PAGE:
Sherlock closed his eyes and pushed the plunger down.

Sherlock gasped, his eyes opening, and he pulled the needle from his skin, small dropplets of blood pooling on the top of the crook of his forearm, and he dropped the needle that contained only blood and heroin residue. The intense high rushed to Sherlock's brain, the feeling of euphoria being a forgotten experience. It was almost as though he had reached his first high, and he realized how many drug addicts easily overdosed. The more of the drug, the closer they got to the first high, and even as an atheist, Sherlock could say that it was as though kissing the mouth of the creator.

Too bad it wouldn't last.

Within moments of the euphoria, it was replaced with utter pain. His body shook, his muscles spazzing, and he gasped, curling over and falling out of the armchair, hitting the ground. Sherlock dry retched, nothing obviously coming up on the carpet, but the sounds of the action echoing in his ears. It was shocking, really, how quickly an overdose caused an effect, and soon, Sherlock could not even keep himself up on his hands and knees. He fell to his side, now having been reduced to sweating, retching, and shaking, feeling as though his entire body was on fire.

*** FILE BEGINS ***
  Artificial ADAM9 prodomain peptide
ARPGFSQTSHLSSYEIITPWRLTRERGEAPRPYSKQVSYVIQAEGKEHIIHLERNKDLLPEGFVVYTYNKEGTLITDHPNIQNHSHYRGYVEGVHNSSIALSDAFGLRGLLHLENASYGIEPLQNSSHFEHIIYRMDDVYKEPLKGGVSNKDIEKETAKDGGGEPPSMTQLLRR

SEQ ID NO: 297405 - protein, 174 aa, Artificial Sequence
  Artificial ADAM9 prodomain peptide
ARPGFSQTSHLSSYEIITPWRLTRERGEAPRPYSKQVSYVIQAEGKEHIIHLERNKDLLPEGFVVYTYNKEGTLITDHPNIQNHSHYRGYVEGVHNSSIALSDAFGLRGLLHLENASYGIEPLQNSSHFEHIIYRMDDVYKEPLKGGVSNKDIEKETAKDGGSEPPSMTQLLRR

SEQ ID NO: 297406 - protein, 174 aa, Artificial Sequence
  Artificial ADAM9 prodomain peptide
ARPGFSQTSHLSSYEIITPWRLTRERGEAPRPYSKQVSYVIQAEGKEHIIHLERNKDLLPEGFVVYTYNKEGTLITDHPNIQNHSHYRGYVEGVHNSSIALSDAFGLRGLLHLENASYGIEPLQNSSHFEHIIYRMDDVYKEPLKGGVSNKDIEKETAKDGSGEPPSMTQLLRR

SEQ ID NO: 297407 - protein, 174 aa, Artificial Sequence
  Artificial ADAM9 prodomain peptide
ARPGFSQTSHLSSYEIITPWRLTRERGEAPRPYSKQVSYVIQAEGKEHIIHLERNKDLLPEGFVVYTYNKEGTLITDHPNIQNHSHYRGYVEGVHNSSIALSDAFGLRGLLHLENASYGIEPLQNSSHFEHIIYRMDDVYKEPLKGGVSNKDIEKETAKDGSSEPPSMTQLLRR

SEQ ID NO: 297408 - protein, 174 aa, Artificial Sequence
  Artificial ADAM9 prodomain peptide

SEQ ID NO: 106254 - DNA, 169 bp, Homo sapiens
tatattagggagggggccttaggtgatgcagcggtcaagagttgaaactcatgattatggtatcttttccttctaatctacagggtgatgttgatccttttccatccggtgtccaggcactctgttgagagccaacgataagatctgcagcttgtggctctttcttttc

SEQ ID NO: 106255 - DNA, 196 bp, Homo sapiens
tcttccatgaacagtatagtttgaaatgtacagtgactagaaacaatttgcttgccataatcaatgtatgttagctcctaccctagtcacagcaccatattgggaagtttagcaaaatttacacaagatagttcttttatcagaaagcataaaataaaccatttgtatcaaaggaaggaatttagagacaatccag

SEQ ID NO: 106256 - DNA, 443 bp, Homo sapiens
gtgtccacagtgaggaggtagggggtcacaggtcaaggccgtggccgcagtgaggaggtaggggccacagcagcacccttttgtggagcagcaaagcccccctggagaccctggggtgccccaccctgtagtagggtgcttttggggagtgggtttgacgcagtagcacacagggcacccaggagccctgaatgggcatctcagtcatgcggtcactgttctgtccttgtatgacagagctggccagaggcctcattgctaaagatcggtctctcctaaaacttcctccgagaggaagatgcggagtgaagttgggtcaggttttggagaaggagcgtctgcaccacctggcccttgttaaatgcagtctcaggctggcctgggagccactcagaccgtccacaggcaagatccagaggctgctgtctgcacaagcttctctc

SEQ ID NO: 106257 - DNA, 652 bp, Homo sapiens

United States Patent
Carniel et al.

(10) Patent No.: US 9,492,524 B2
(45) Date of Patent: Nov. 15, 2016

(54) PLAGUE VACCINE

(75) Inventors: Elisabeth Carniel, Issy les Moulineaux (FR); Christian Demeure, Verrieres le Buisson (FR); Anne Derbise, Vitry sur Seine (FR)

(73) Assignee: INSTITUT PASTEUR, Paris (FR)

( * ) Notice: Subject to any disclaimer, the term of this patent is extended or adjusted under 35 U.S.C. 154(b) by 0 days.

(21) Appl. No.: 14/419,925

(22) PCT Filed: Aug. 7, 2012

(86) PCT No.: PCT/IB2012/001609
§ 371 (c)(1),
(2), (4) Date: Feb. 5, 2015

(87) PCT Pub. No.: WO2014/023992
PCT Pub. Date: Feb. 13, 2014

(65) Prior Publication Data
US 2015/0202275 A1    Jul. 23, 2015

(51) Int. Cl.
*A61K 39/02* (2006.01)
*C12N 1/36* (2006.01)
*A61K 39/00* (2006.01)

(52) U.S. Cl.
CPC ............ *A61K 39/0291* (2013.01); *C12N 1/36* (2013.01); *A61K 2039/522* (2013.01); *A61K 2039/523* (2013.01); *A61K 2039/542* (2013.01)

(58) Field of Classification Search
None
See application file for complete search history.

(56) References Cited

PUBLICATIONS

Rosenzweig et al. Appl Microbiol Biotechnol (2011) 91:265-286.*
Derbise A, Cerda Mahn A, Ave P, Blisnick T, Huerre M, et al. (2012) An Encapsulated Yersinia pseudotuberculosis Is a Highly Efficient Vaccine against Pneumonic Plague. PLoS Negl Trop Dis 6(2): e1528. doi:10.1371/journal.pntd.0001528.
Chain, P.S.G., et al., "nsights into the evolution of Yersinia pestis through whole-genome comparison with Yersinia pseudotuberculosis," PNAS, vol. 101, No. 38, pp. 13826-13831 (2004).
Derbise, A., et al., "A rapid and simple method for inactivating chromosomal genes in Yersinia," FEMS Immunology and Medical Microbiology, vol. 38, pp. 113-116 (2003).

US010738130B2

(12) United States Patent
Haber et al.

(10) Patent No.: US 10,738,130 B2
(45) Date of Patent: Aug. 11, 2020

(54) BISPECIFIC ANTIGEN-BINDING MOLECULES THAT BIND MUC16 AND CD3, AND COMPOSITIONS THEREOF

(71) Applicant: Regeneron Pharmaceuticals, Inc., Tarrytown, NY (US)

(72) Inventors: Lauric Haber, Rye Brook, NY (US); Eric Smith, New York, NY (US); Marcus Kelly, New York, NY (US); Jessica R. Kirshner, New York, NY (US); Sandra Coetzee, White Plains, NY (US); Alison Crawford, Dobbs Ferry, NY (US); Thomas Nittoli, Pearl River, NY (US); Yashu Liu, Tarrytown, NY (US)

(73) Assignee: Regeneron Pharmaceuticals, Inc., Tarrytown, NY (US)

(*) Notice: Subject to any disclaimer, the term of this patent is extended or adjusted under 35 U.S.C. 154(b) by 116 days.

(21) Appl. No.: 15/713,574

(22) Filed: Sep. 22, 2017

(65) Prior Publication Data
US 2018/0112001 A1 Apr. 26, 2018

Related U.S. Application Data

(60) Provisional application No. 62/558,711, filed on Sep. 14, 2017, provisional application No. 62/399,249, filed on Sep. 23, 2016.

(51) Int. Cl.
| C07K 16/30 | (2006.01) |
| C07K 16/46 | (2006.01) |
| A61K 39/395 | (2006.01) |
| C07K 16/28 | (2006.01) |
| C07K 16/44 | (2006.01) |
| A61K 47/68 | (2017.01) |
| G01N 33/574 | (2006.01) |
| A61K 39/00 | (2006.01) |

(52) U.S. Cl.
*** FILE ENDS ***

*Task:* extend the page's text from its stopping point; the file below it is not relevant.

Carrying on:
His body was on fire and no water would be able to put it out.

He tried to calm himself, to block the pain, to accept the pain, to remind himself that it would be over soon, but he
hated it. Why did he choose heroin? A bullet would have been quicker. Maybe he just really was a glutton for punishment.

He let out another retch as his eyelids grew heavy, and the sounds of his own retching became muted to his ears. His surroundings were intensified even as his vision darkened, and he could have sworn he heard footsteps – John footsteps - as his vision turned completely black.